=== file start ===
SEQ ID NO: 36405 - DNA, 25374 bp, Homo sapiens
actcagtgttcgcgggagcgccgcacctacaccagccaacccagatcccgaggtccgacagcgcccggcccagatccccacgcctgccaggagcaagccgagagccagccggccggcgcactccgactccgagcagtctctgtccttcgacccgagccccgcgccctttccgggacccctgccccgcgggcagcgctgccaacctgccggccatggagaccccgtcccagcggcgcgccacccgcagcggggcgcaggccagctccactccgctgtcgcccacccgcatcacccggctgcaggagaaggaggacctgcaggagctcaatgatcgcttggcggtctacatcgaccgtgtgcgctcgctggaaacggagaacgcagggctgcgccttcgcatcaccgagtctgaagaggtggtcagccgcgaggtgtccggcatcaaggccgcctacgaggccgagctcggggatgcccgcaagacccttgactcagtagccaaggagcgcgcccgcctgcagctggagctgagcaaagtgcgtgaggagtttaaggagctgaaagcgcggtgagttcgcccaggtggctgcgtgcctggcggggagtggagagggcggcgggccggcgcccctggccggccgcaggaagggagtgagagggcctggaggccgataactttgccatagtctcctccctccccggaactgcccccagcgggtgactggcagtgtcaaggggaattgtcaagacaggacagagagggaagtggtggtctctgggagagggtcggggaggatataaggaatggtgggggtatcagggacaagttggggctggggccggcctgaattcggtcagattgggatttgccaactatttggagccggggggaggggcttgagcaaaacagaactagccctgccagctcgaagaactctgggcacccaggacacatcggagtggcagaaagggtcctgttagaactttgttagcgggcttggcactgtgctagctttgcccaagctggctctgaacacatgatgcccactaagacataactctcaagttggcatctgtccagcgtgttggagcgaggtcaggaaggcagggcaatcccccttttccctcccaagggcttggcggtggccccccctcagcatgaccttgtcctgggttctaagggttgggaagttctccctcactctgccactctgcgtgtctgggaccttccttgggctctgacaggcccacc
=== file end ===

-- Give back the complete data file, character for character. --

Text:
SEQ ID NO: 36405 - DNA, 25374 bp, Homo sapiens
actcagtgttcgcgggagcgccgcacctacaccagccaacccagatcccgaggtccgacagcgcccggcccagatccccacgcctgccaggagcaagccgagagccagccggccggcgcactccgactccgagcagtctctgtccttcgacccgagccccgcgccctttccgggacccctgccccgcgggcagcgctgccaacctgccggccatggagaccccgtcccagcggcgcgccacccgcagcggggcgcaggccagctccactccgctgtcgcccacccgcatcacccggctgcaggagaaggaggacctgcaggagctcaatgatcgcttggcggtctacatcgaccgtgtgcgctcgctggaaacggagaacgcagggctgcgccttcgcatcaccgagtctgaagaggtggtcagccgcgaggtgtccggcatcaaggccgcctacgaggccgagctcggggatgcccgcaagacccttgactcagtagccaaggagcgcgcccgcctgcagctggagctgagcaaagtgcgtgaggagtttaaggagctgaaagcgcggtgagttcgcccaggtggctgcgtgcctggcggggagtggagagggcggcgggccggcgcccctggccggccgcaggaagggagtgagagggcctggaggccgataactttgccatagtctcctccctccccggaactgcccccagcgggtgactggcagtgtcaaggggaattgtcaagacaggacagagagggaagtggtggtctctgggagagggtcggggaggatataaggaatggtgggggtatcagggacaagttggggctggggccggcctgaattcggtcagattgggatttgccaactatttggagccggggggaggggcttgagcaaaacagaactagccctgccagctcgaagaactctgggcacccaggacacatcggagtggcagaaagggtcctgttagaactttgttagcgggcttggcactgtgctagctttgcccaagctggctctgaacacatgatgcccactaagacataactctcaagttggcatctgtccagcgtgttggagcgaggtcaggaaggcagggcaatcccccttttccctcccaagggcttggcggtggccccccctcagcatgaccttgtcctgggttctaagggttgggaagttctccctcactctgccactctgcgtgtctgggaccttccttgggctctgacaggcccacc